Explore further: Hair proteins are important in tooth enamel structure

More information: C. Cantù, P. Pagella, T. D. Shajiei, D. Zimmerli, T. Valenta, G. Hausmann, K. Basler and T. A. Mitsiadis. A cytoplasmic role of Wnt-β-catenin transcriptional cofactors in tooth enamel formation. Science Signaling. February 7, 2017. DOI: 10.1126/scisignal.aah4598

Related Stories

Hair proteins are important in tooth enamel structure

October 27, 2014
Tooth decay is one of the most common chronic diseases worldwide. While oral hygiene and dietary choices promote tooth decay, genetics are also a factor in cavity formation.

The link between hair disorders and susceptibility to dental caries

March 14, 2015
Today at the 93rd General Session and Exhibition of the International Association for Dental Research, researcher Olivier Duverger, National Institutes of Health-National Institute of Neurological Disorders and Stroke, Bethesda, ...

Study reveals how enamel protects children's teeth

June 4, 2013
A new study has revealed that children's teeth are protected from damage during chewing by variation in enamel thickness along the tooth row.

Amelotin molecule plays a critical role in tooth enamel maturation

February 24, 2015
Today, the International and American Associations for Dental Research (IADR/AADR) published an innovative developmental biology study by lead researcher Bernhard Ganss, University of Toronto, ON, Canada, that relates amelotin ...

Recommended for you

Researchers discover cellular messengers communicate with bacteria in the mouth

May 8, 2018
A new UCLA-led study provides clear evidence that cellular messengers in saliva may be able to regulate the growth of oral bacteria responsible for diseases, such as periodontitis and meningitis.

Drug-filled, 3-D printed dentures could fight off infections

April 25, 2018
Nearly two-thirds of the U.S. denture-wearing population suffer frequent fungal infections that cause inflammation, redness and swelling in the mouth.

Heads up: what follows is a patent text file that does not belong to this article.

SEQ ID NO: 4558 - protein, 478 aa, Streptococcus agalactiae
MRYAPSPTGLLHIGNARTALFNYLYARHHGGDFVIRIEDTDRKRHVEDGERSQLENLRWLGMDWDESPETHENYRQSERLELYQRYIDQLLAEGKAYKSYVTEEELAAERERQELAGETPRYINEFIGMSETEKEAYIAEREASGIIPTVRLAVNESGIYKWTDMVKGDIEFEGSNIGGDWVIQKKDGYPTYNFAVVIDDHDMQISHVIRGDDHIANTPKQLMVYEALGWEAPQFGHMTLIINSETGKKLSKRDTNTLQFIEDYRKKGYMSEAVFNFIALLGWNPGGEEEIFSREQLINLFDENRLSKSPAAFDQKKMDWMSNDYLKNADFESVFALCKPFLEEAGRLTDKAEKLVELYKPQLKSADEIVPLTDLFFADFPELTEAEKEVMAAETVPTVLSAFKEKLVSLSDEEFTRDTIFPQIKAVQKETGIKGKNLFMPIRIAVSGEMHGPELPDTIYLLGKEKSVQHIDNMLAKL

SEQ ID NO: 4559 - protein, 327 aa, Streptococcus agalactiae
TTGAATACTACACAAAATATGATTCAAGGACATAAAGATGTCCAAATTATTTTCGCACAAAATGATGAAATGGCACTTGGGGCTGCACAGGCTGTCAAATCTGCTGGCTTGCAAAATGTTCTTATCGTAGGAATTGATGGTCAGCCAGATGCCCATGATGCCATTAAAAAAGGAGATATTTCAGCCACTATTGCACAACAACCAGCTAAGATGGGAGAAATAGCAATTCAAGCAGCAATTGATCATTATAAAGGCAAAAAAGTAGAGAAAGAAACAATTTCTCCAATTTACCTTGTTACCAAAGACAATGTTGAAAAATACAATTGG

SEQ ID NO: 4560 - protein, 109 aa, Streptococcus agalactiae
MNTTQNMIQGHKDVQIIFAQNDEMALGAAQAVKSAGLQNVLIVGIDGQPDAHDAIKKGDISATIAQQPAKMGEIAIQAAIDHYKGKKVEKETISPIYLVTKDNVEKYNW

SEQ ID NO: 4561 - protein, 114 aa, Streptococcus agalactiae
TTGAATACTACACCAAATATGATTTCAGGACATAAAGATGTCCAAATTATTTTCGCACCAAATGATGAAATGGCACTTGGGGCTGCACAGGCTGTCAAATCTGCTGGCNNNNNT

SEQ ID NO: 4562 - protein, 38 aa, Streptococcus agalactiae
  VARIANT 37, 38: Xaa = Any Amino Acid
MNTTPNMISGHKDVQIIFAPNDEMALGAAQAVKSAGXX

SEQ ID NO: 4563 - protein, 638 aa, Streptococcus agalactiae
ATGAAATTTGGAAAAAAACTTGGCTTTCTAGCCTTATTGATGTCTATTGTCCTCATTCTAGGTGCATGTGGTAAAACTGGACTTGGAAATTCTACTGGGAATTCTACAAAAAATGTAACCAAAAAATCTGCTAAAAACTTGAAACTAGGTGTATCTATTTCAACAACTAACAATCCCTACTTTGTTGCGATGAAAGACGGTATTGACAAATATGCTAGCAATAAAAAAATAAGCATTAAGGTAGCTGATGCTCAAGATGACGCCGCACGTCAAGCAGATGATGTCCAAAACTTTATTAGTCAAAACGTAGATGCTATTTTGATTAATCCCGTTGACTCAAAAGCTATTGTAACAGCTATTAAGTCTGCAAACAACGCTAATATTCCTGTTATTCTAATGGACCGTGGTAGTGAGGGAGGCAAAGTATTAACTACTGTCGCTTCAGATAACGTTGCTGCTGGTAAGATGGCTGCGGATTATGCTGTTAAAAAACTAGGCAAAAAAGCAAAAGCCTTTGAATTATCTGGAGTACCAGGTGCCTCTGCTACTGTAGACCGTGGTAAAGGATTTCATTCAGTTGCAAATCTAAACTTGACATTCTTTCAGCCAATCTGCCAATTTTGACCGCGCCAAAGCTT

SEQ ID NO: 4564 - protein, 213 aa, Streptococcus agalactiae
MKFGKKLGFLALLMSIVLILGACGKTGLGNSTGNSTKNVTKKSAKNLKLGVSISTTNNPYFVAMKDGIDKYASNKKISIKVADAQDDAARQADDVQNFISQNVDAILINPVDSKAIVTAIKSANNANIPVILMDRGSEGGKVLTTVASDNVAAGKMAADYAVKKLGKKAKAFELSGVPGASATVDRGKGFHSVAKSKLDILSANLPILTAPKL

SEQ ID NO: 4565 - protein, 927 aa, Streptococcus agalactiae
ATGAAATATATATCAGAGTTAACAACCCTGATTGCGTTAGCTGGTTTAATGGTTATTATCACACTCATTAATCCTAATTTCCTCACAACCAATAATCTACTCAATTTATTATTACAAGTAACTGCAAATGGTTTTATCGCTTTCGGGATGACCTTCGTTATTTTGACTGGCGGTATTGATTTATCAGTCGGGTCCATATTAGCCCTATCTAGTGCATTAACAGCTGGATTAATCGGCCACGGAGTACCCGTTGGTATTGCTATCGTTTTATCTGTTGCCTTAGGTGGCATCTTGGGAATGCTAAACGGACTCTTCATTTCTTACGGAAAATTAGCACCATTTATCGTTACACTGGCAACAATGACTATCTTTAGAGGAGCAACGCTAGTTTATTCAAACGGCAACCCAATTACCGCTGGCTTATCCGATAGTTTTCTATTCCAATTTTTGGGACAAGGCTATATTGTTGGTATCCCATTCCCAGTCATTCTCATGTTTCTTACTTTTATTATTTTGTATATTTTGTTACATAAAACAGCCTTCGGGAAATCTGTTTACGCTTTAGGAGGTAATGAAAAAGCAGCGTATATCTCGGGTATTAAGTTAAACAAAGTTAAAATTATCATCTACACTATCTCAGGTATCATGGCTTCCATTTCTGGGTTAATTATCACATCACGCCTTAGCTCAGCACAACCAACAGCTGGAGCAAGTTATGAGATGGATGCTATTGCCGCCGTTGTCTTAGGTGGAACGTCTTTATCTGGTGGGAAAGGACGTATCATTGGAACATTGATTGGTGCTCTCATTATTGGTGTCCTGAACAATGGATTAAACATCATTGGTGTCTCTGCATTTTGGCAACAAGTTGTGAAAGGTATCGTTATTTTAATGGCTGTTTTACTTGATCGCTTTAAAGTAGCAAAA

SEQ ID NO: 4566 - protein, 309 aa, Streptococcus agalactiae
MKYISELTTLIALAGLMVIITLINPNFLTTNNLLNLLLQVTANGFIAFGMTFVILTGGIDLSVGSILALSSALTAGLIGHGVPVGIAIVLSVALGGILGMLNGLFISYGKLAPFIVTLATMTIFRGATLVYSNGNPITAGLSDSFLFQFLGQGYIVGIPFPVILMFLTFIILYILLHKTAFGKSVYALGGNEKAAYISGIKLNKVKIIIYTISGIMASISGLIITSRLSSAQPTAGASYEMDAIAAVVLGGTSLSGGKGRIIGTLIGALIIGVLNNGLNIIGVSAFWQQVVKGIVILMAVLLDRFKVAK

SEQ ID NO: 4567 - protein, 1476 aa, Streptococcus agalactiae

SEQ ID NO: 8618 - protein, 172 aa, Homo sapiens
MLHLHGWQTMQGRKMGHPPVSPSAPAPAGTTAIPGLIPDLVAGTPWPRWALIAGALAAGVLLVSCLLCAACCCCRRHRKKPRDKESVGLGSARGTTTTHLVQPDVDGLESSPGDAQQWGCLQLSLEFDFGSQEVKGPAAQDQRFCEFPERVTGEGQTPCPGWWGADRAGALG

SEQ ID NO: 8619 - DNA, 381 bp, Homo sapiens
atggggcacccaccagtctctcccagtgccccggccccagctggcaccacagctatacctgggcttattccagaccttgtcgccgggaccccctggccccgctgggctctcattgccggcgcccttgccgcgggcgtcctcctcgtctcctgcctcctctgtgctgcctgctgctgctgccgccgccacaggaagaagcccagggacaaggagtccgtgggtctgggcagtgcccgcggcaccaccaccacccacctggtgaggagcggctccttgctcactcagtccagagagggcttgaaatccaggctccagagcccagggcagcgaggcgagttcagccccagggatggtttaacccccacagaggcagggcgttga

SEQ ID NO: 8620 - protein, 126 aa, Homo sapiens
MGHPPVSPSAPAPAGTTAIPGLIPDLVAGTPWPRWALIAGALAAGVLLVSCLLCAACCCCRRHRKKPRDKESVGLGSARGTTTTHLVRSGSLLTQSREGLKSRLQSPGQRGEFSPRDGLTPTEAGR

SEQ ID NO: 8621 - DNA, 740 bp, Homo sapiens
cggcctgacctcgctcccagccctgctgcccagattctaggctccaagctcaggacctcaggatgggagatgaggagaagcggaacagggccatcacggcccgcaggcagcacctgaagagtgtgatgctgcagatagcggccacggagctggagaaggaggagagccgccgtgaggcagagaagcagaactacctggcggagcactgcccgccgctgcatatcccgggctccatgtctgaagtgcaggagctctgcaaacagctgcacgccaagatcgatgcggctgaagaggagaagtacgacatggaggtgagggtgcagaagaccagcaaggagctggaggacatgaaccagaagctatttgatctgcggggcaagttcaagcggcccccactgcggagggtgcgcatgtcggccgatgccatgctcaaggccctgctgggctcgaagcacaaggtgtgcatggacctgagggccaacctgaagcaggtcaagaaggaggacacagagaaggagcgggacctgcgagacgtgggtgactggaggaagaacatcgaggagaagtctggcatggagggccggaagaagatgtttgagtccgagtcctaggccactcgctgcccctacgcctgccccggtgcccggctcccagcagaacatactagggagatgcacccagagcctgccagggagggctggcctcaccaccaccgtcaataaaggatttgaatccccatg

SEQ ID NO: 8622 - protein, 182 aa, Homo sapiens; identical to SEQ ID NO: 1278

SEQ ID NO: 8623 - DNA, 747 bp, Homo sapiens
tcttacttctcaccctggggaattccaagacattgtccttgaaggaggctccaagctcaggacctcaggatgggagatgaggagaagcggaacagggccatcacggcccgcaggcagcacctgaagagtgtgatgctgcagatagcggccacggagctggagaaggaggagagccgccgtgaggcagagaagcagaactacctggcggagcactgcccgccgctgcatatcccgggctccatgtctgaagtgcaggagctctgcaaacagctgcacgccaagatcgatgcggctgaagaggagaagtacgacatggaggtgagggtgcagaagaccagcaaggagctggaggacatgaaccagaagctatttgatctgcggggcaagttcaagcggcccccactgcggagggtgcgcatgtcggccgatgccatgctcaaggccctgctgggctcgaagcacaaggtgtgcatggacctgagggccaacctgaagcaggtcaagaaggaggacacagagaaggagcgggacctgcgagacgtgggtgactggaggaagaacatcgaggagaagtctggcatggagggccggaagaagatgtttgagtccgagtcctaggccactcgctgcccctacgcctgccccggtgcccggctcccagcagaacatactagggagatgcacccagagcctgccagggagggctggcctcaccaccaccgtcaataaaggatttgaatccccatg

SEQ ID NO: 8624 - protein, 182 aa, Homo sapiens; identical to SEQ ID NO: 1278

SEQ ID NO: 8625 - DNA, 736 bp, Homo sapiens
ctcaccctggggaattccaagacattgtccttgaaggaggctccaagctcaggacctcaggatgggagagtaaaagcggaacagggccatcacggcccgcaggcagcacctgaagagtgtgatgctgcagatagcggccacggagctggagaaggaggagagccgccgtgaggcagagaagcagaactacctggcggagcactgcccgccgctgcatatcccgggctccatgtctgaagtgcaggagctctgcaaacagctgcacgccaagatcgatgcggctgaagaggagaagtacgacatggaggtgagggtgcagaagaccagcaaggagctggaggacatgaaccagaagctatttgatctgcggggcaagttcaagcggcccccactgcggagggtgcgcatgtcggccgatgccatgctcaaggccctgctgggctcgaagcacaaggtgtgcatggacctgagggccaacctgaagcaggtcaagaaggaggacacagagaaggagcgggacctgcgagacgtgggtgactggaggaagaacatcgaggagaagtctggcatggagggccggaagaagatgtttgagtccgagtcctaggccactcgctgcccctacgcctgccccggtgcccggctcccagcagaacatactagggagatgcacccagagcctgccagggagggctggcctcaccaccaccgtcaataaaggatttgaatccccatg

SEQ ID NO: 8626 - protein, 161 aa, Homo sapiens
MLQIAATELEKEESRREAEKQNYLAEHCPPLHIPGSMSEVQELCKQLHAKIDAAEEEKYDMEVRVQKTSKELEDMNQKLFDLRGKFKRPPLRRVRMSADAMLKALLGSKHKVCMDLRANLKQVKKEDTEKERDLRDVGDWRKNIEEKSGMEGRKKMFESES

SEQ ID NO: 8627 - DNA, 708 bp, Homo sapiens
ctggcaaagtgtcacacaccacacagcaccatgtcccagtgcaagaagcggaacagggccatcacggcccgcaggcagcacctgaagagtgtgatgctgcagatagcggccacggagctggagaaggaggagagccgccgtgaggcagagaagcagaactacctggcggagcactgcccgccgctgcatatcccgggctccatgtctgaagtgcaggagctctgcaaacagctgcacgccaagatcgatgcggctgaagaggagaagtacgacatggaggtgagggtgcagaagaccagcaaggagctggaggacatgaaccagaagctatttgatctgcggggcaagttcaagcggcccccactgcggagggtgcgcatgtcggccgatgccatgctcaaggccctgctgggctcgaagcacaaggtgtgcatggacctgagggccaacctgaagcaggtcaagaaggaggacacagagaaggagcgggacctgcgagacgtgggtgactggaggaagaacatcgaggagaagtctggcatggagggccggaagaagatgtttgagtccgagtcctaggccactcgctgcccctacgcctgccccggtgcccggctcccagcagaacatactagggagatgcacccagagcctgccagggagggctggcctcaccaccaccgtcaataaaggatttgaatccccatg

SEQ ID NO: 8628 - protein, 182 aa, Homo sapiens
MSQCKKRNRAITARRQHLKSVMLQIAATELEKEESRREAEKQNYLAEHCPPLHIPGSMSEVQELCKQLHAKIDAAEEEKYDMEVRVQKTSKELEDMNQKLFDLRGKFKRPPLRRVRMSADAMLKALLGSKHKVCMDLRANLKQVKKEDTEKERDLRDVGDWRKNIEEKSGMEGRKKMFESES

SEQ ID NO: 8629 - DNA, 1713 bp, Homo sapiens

Bacteria boost antifungal drug resistance in severe childhood tooth decay

April 25, 2018
Early childhood caries, a form of severe tooth decay affecting toddlers and preschoolers, can set children up for a lifetime of dental and health problems. The problem can be significant enough that surgery is the only effective ...

Absence of a transcription factor halts tooth development in mid-stride

April 11, 2018
Amjad Javed, Ph.D., and University of Alabama at Birmingham colleagues have found a key role in tooth development for the transcription factor Specificity protein 7, or Sp7.

Toothpaste alone does not prevent dental erosion or hypersensitivity

March 14, 2018
The rising prevalence of dental erosion and dentin hypersensitivity has led to the emergence of more toothpastes that claim to treat these problems. While no such toothpaste existed 20 years ago, today, many such brands are ...

Study: Absence of key protein, TTP, rapidly turns young bones old

March 10, 2018
The absence of a protein critical to the control of inflammation may lead to rapid and severe bone loss, according to a new University at Buffalo study.

0 comments

Please sign in to add a comment. Registration is free, and takes less than a minute. Read more

Click here to reset your password.
Sign in to get notified via email when new comments are made.